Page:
• <b>Seth Kaller:</b> Leaves from<br>George Washington's Own Draft <br>of His first Inaugural Address. An Extraordinary Rarity!
    <b>Seth Kaller:</b> Declaration of Independence: Benjamin Tyler 1818 - First Print with Facsimile Signatures.
    <b>Seth Kaller:</b> Thomas Jefferson Signed Act of Contress Authorizing Alexander Hamilton to Complete Famous Portland Maine Lighthouse.
    <b>Seth Kaller:</b> Emanuel Leutze. Silk Flag Banner designed by Leutze, created by Tiffany & Co., and presented to Gen. John A. Dix, 1864.
    <b>Seth Kaller:</b> The "greatest of early American maps … a masterpiece" (Corcoran). Thomas Holme.
    <b>Seth Kaller:</b> Lincoln Summons His Cabinet for a Historic Meeting to Discuss Compensated Emancipation.
    <b>Seth Kaller:</b> Albert Einstein. Autograph Letter Signed. Einstein Counsels His Son ... Meaning of Life.
    <b>Seth Kaller:</b> Normal Rockwell. Painting/Drawing Signed. Rockwell's "Barbeshop Quartet", 1936.
    <b>Seth Kaller:</b> Frederick Douglass. Autograph Letter Signed to unknown correspondent. Washington, D.C.
    <b>Seth Kaller:</b> Harry Truman. Autograph Manuscript Notebook for Kansas City Law School Night Class.
    <b>Seth Kaller:</b> Robert E. Lee. Autograph Letter Signed, June 11, 1782. Hours after the Battle of Culpeper Court House, Lee Escapes Again.
    <b>Seth Kaller:</b> George Washington. Letter Signed, as Commander-in-Chief, Continental Army, to Elias Dayton, Headquarters, [Newburgh, N.Y.], June 11, 1782.
  • <b>19th Century Shop.</b> (DEMOCRATIC CONVENTION, Chicago, 1968). <i>Collection of papers of John M. Bailey, Chairman of the Democratic National Committee, concerning the convention</i>. Various places, 1968.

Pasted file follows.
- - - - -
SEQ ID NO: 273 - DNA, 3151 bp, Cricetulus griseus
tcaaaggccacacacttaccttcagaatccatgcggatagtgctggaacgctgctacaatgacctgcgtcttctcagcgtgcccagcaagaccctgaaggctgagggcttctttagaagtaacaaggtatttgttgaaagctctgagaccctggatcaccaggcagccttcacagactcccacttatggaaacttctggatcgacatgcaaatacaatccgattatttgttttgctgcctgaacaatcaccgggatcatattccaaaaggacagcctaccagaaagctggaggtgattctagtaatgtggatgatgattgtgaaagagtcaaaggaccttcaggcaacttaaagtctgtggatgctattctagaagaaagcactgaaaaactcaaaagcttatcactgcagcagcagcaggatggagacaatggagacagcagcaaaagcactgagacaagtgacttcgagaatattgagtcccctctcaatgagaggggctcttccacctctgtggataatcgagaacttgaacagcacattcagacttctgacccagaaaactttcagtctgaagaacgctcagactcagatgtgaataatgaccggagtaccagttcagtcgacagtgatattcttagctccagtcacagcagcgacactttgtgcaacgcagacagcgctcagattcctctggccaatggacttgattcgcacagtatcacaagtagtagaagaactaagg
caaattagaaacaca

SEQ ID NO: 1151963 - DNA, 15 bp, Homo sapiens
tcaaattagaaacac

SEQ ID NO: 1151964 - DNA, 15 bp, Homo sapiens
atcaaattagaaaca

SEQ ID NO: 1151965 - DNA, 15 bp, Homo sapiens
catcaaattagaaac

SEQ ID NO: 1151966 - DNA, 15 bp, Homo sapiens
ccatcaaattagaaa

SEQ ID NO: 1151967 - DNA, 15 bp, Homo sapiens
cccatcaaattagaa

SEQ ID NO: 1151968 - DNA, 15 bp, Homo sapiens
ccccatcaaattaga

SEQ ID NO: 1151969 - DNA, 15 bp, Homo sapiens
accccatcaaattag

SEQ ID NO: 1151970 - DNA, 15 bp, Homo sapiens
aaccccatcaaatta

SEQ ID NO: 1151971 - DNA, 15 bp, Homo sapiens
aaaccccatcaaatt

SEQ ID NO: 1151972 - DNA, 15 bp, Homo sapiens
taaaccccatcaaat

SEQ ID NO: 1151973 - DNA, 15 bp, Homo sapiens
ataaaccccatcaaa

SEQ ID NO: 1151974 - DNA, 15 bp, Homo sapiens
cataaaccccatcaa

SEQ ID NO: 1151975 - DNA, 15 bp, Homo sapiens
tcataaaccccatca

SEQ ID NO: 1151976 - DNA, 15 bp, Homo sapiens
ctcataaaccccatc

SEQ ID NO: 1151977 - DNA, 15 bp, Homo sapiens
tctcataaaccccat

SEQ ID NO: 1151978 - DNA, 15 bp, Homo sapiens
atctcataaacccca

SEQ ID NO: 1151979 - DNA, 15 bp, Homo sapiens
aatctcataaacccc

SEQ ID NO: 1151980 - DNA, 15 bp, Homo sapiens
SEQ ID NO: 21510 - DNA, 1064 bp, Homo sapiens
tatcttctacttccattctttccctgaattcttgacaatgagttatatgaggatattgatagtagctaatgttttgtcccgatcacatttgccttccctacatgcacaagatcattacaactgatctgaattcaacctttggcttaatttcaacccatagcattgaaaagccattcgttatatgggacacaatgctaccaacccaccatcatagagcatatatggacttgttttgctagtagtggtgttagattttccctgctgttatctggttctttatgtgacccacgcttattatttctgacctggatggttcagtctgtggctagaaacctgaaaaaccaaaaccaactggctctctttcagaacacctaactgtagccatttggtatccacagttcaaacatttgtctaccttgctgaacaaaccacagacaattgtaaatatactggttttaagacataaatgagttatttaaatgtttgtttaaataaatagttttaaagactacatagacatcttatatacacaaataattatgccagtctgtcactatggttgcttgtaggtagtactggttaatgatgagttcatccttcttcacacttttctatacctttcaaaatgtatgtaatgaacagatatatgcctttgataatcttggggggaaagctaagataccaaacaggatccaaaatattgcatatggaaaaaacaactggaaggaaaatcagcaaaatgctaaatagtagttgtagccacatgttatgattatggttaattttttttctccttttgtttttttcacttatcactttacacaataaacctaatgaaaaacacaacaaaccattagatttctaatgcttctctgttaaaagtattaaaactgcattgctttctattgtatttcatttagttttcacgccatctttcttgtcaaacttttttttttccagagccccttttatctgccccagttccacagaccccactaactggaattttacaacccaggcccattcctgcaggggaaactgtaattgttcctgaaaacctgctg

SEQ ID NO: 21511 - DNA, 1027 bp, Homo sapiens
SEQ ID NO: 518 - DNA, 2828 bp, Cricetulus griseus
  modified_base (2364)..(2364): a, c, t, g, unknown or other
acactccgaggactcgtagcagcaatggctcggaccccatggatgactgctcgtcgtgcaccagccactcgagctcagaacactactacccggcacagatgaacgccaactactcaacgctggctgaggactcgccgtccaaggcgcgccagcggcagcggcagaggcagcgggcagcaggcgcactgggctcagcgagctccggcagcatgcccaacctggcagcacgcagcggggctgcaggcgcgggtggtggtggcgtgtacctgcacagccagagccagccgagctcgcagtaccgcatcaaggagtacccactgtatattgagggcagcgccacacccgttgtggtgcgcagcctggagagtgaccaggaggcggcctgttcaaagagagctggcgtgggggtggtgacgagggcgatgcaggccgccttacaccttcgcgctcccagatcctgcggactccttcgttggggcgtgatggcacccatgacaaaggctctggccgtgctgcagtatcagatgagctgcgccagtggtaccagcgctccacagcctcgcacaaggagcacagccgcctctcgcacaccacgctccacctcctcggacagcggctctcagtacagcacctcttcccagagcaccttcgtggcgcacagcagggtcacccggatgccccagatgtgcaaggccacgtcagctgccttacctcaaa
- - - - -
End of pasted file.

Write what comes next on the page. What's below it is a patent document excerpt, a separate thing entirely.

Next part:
<b>19th Century Shop.</b> (ARMSTRONG, NEIL.) VERNE, JULES. <i>A Trip to the Moon.</i> New York: F. M. Lupton, September 9, 1893. Signed by Neil Armstrong, first man to walk on the moon.
    <b>19th Century Shop.</b> KEY, FRANCIS SCOTT. <i>A Celebrated Patriotic Song, the Star Spangled Banner.</i> 1814.
    <b>19th Century Shop.</b> [COLUMBUS, CHRISTOPHER, Amerigo Vespucci ..] Bernardus Albingaunensis .. Dialogo nuperrime edito Genue in 1512.
    <b>19th Century Shop.</b> (WATKINS, TABER &c.). <i>An album of 32 photographs of the Yosemite and American West Various places</i>, c. 1890s
    <b>19th Century Shop.</b> (BATTLE OF CONCORD.) <i>Powder horn used by Minuteman Oliver Buttrick at the Battle of Concord</i>, April 19, 1775.
    <b>19th Century Shop.</b> (CIVIL WAR.) <i>An Extraordinary Confederate Photograph and Autograph Album of Dr. R. L. C. White</i>, 125 original mounted salt prints. 1859-61.
  • <b>Bonhams: Fine Books and Manuscripts. Sept. 21, 2016</b>
    <b>Bonhams Sept. 21:</b> WARREN, JOSEPH. Letter Signed ("Jos Warren") as Chairman of the Committee of Safety. Cambridge, MA, June 4, 1775.
    <b>Bonhams Sept. 21:</b> WHITMAN, WALT. Leaves of Grass. Brooklyn, NY: [for the Author], 1855.
    <b>Bonhams Sept. 21:</b> JEFFERSON, THOMAS. Printed Broadside Signed ("Th: Jefferson") as Secretary of State. Philadelphia, February 12, 1793.
    <b>Bonhams Sept. 21:</b> CELLINI, BENVENUTO. 1500-1571. Autograph Letter Signed ("Beto. Cellini"). [Florence, c.1566].
    <b>Bonhams: Fine Books and Manuscripts. Sept. 21, 2016</b>
    <b>Bonhams Sept. 21:</b> NAPOLEON BONAPARTE. Autograph Manuscript. [c.1795].
    <b>Bonhams Sept. 21:</b> DICKENS, CHARLES. Great Expectations. London: Chapman and Hall, 1861.
    <b>Bonhams Sept. 21:</b> REED, JOHN. To the Honourable House of Representatives of the Freemen of Pennsylvania this Map of the City and Liberties of Phiadelphia With the Catalog of Purchasers is Humbly Dedicated.... [Philadelphia]: engraved by James Smit
    <b>Bonhams Sept. 21:</b> ELIOT, THOMAS STEARNS. The Waste Land. New York: Boni and Liveright, 1922.

Rare Book Monthly

Articles - September - 2008 Issue

Bookseller Heaven; or The Thirtieth Colorado Antiquarian Book Seminar

Show

Faculty and students paying close attention to Seminar Director, Rob Rulon-Miller.


By Karen Wright